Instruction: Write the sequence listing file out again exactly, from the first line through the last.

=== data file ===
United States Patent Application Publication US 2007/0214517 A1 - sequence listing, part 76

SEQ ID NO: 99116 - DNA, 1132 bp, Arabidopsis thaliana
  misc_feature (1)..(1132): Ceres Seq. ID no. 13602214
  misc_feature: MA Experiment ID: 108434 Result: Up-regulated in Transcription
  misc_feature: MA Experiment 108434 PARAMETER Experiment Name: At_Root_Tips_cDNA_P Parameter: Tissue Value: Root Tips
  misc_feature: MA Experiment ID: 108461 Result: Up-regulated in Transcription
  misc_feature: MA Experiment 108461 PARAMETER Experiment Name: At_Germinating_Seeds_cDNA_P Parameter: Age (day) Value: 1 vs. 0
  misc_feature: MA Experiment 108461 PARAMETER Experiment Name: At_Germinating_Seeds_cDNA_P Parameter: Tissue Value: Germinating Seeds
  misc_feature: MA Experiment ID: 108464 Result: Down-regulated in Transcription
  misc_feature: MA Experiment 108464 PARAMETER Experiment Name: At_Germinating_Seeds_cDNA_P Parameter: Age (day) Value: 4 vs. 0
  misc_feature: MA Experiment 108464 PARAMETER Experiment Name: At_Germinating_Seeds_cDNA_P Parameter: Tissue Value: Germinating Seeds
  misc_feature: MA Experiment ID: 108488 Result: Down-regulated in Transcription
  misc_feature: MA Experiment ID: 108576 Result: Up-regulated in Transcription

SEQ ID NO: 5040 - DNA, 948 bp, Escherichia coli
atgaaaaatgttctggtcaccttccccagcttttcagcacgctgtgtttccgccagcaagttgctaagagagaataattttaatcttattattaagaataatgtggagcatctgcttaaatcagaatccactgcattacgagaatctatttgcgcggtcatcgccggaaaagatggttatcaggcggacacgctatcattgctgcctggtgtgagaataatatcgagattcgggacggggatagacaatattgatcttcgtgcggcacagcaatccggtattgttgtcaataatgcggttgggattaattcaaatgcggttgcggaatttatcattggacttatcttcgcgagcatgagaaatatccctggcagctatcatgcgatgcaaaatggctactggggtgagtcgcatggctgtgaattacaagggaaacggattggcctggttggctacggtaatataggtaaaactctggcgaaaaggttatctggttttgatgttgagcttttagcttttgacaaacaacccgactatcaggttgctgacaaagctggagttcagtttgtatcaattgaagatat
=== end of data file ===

United States Patent Application Publication US 2007/0214517 A1 - sequence listing, part 76

SEQ ID NO: 99116 - DNA, 1132 bp, Arabidopsis thaliana
  misc_feature (1)..(1132): Ceres Seq. ID no. 13602214
  misc_feature: MA Experiment ID: 108434 Result: Up-regulated in Transcription
  misc_feature: MA Experiment 108434 PARAMETER Experiment Name: At_Root_Tips_cDNA_P Parameter: Tissue Value: Root Tips
  misc_feature: MA Experiment ID: 108461 Result: Up-regulated in Transcription
  misc_feature: MA Experiment 108461 PARAMETER Experiment Name: At_Germinating_Seeds_cDNA_P Parameter: Age (day) Value: 1 vs. 0
  misc_feature: MA Experiment 108461 PARAMETER Experiment Name: At_Germinating_Seeds_cDNA_P Parameter: Tissue Value: Germinating Seeds
  misc_feature: MA Experiment ID: 108464 Result: Down-regulated in Transcription
  misc_feature: MA Experiment 108464 PARAMETER Experiment Name: At_Germinating_Seeds_cDNA_P Parameter: Age (day) Value: 4 vs. 0
  misc_feature: MA Experiment 108464 PARAMETER Experiment Name: At_Germinating_Seeds_cDNA_P Parameter: Tissue Value: Germinating Seeds
  misc_feature: MA Experiment ID: 108488 Result: Down-regulated in Transcription
  misc_feature: MA Experiment ID: 108576 Result: Up-regulated in Transcription

SEQ ID NO: 5040 - DNA, 948 bp, Escherichia coli
atgaaaaatgttctggtcaccttccccagcttttcagcacgctgtgtttccgccagcaagttgctaagagagaataattttaatcttattattaagaataatgtggagcatctgcttaaatcagaatccactgcattacgagaatctatttgcgcggtcatcgccggaaaagatggttatcaggcggacacgctatcattgctgcctggtgtgagaataatatcgagattcgggacggggatagacaatattgatcttcgtgcggcacagcaatccggtattgttgtcaataatgcggttgggattaattcaaatgcggttgcggaatttatcattggacttatcttcgcgagcatgagaaatatccctggcagctatcatgcgatgcaaaatggctactggggtgagtcgcatggctgtgaattacaagggaaacggattggcctggttggctacggtaatataggtaaaactctggcgaaaaggttatctggttttgatgttgagcttttagcttttgacaaacaacccgactatcaggttgctgacaaagctggagttcagtttgtatcaattgaagatat